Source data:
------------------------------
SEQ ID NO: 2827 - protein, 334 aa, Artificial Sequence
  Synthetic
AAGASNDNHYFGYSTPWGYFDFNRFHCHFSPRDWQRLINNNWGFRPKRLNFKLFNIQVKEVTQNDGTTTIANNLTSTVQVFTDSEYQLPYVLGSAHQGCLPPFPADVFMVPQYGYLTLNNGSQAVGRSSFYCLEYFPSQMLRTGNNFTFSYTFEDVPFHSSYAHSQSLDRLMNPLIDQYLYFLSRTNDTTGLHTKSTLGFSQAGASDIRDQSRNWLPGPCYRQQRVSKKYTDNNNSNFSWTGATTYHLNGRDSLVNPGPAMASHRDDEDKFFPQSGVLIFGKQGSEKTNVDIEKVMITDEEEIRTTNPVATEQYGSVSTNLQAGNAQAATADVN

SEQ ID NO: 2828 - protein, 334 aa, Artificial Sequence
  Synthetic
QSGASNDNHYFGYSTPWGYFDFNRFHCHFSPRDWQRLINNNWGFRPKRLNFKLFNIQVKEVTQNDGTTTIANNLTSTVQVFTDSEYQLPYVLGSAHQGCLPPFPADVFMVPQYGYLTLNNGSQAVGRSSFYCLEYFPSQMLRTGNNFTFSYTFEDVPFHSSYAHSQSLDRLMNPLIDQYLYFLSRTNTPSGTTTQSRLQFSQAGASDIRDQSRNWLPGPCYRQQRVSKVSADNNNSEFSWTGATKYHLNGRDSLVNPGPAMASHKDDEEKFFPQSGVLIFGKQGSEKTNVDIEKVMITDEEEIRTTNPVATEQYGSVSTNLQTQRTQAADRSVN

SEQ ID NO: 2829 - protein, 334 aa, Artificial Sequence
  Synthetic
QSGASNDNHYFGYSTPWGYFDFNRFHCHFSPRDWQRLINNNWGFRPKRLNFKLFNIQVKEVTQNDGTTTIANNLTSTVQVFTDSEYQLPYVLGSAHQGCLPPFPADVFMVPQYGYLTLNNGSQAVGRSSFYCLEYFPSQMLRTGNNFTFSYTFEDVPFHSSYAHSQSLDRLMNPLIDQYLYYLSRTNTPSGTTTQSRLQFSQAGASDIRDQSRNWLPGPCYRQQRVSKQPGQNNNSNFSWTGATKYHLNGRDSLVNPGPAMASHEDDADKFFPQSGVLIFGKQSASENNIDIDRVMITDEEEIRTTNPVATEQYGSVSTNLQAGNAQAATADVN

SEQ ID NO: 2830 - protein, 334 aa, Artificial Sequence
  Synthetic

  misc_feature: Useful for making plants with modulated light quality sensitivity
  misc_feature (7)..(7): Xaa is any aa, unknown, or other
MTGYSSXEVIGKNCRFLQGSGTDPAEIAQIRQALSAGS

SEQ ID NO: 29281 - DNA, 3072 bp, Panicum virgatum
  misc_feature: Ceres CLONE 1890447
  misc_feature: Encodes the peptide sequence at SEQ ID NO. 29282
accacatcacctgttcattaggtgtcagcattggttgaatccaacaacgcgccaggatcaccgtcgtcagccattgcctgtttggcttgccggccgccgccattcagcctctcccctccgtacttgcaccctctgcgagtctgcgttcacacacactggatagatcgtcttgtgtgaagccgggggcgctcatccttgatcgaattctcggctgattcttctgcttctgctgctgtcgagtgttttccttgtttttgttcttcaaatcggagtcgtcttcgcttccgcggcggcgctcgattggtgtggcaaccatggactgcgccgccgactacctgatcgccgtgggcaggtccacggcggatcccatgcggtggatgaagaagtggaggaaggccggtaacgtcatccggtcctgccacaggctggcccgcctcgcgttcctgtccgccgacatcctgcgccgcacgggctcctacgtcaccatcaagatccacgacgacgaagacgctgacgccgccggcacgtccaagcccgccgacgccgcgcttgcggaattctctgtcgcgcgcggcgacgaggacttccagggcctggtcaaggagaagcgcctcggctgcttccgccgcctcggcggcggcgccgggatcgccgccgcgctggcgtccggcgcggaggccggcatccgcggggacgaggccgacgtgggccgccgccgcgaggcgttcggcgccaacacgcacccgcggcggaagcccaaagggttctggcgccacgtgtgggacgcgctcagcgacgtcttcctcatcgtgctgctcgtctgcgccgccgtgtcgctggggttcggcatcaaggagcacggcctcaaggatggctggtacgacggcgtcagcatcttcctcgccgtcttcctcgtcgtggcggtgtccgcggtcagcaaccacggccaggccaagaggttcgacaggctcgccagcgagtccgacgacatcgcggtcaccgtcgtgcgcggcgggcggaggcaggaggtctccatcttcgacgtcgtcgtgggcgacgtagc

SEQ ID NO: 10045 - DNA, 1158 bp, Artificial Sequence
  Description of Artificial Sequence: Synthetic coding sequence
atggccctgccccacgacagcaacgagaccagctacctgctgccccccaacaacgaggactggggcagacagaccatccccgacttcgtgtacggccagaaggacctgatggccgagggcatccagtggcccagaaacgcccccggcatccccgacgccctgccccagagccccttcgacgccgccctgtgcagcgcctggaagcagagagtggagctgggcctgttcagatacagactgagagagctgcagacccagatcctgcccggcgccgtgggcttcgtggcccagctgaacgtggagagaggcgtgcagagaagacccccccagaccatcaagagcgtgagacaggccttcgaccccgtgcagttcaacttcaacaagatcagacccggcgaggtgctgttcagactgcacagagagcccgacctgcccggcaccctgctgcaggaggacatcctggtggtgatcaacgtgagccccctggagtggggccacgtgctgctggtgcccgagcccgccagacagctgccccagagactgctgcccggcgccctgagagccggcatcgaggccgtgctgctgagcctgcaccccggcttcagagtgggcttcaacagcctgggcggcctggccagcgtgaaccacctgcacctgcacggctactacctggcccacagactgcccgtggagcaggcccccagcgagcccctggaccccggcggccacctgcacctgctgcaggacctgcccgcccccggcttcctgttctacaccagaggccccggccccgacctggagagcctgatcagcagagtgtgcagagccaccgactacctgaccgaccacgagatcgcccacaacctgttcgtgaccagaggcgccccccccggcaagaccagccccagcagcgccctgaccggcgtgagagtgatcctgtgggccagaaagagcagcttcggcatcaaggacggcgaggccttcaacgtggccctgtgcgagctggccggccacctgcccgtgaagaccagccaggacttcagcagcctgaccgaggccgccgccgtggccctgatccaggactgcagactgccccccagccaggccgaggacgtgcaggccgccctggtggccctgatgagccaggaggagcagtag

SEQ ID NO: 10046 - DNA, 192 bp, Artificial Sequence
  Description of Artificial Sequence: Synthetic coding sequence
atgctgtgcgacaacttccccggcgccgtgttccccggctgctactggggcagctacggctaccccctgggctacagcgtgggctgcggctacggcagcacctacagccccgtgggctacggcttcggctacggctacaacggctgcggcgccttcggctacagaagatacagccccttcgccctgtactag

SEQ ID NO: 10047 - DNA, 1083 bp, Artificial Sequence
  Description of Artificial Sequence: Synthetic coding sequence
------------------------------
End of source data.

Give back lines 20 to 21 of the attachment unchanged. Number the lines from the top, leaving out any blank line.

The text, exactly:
  Description of Artificial Sequence: Synthetic coding sequence
atggccctgccccacgacagcaacgagaccagctacctgctgccccccaacaacgaggactggggcagacagaccatccccgacttcgtgtacggccagaaggacctgatggccgagggcatccagtggcccagaaacgcccccggcatccccgacgccctgccccagagccccttcgacgccgccctgtgcagcgcctggaagcagagagtggagctgggcctgttcagatacagactgagagagctgcagacccagatcctgcccggcgccgtgggcttcgtggcccagctgaacgtggagagaggcgtgcagagaagacccccccagaccatcaagagcgtgagacaggccttcgaccccgtgcagttcaacttcaacaagatcagacccggcgaggtgctgttcagactgcacagagagcccgacctgcccggcaccctgctgcaggaggacatcctggtggtgatcaacgtgagccccctggagtggggccacgtgctgctggtgcccgagcccgccagacagctgccccagagactgctgcccggcgccctgagagccggcatcgaggccgtgctgctgagcctgcaccccggcttcagagtgggcttcaacagcctgggcggcctggccagcgtgaaccacctgcacctgcacggctactacctggcccacagactgcccgtggagcaggcccccagcgagcccctggaccccggcggccacctgcacctgctgcaggacctgcccgcccccggcttcctgttctacaccagaggccccggccccgacctggagagcctgatcagcagagtgtgcagagccaccgactacctgaccgaccacgagatcgcccacaacctgttcgtgaccagaggcgccccccccggcaagaccagccccagcagcgccctgaccggcgtgagagtgatcctgtgggccagaaagagcagcttcggcatcaaggacggcgaggccttcaacgtggccctgtgcgagctggccggccacctgcccgtgaagaccagccaggacttcagcagcctgaccgaggccgccgccgtggccctgatccaggactgcagactgccccccagccaggccgaggacgtgcaggccgccctggtggccctgatgagccaggaggagcagtag